Keep the Lights On
Dir: Ira Sachs
Cert:18 • US: 101 min • Alarum Pictures • November 2, 2012
There’s been something of a renaissance in Queer Cinema over the last couple of years, with films such as Andrew Haigh’s Weekend and Travis Mathews’ I Want Your Love heralding an approach to gay male relationships that is mature and uncompromising. Ira Sachs’ Keep the Lights On is another example of a movie where the sexuality of the protagonists is an established, normative fact, rather than the source of a struggle that forms and dominates the narrative thrust. This creates the space to explore the complexities of the relationship itself without the need for the characters to justify its existence in the first place, though the history of a character’s struggle with their sexual identity may be a factor in how they deal with, or behave in, relationships, as it is for many of us. Keep the Lights On examines the different forms, and underlying causes, of addiction that may be related to that struggle.
Erik (Thure Lindhardt) and Paul (Zachary Booth) live in New York, an up-and-coming documentary maker and hard-working lawyer respectively. They first meet in 1998 when Erik is indulging in phone-sex with random strangers. Their casual hook-up develops into a serious relationship and it isn’t very long before Paul introduces drug taking into their lovemaking and their lives. Paul has a tendency to go AWOL for days on end and becomes aggressive when Erik challenges him. As the years pass and their relationship progresses it becomes clear that Erik and Paul care very deeply about each other, but their relationship is damaging because they are both damaged. As he becomes increasingly unhappy, Erik starts on the phone-sex again – perhaps his own form of addiction – and when a close friend challenges him as to why he didn’t communicate the seriousness of Paul’s behaviour, Erik counters: “I’ve been hiding crucial events in my life since I was 13 years old.” When you grow up concealing in this way, it’s hard to be an emotionally forthcoming adult and very difficult to change.
It also becomes clear that Erik craves, and is addicted to, Paul – to the idea of saving him perhaps, but also just to the drug of loving him. This addiction causes Erik to put himself in situations that are hard to fathom – holding Paul’s hand as a rent boy fucks him for example – but that’s the thing about being an addict isn’t it? It makes you delusional and crazy and sends you into a spiral of damaging behaviour. The other thing about addicts is how irritating they are and Sachs refuses to compromise on the often unsympathetic nature of these characters. At times, you just want to bash their heads together. Cycles of damaging behaviour are not only hard to break, they’re hard to portray; when characters keep going backwards, we have to go with them and, as a result, there are moments in the film when the narrative energy is somewhat deflated.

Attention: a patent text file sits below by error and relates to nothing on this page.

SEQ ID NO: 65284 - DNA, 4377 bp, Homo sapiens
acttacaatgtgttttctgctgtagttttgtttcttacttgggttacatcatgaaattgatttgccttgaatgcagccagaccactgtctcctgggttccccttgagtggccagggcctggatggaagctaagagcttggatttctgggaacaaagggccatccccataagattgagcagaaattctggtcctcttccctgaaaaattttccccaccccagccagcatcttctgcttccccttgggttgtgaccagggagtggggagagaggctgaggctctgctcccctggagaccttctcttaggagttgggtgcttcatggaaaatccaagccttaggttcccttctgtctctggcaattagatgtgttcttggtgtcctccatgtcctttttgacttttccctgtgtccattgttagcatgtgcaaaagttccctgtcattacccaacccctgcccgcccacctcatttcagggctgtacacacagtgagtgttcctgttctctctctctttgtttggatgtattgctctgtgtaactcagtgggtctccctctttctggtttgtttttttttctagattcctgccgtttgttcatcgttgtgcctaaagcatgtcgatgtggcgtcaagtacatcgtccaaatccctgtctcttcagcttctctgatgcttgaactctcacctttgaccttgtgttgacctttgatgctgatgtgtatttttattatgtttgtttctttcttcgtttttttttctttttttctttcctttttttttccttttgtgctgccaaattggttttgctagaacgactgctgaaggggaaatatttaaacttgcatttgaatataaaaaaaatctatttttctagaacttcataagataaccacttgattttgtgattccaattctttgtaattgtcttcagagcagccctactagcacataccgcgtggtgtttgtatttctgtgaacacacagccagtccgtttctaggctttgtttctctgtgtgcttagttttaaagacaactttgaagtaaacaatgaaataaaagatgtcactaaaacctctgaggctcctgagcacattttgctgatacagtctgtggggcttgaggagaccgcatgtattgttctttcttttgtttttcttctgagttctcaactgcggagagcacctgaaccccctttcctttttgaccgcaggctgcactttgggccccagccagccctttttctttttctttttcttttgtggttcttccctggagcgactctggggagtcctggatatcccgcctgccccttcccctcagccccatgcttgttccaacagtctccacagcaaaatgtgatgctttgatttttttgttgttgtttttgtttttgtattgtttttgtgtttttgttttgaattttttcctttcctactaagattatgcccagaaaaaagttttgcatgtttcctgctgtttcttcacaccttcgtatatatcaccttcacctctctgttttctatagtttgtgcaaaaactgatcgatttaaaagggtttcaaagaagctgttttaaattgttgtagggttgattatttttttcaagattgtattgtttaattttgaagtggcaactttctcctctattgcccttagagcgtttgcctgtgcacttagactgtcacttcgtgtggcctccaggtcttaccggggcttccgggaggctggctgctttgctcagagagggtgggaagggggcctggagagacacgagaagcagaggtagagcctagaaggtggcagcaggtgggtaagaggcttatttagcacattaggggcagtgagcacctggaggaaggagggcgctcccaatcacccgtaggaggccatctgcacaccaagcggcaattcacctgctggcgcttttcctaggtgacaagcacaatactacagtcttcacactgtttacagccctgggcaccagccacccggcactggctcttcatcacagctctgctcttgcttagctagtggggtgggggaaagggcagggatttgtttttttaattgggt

Like Weekend and I Want Your Love, Keep the Lights On has a verité feel to it, though the production values are high – this feels like quality film-making without the commercialised glossiness of, say, A Single Man. And like Haigh and Mathews, Sachs ends his movie with a sense of a new beginning for his characters while retaining an uncertainty in the direction of their lives. It’s too early to say whether we’re in a new golden age of Queer Cinema but, regardless of that, all three of these directors have produced a great springboard for contemporary queer film-makers to have confidence in what they’re doing and, for those of us watching their films, provided intelligent, difficult, grown-up, thoughtfully questioning stories.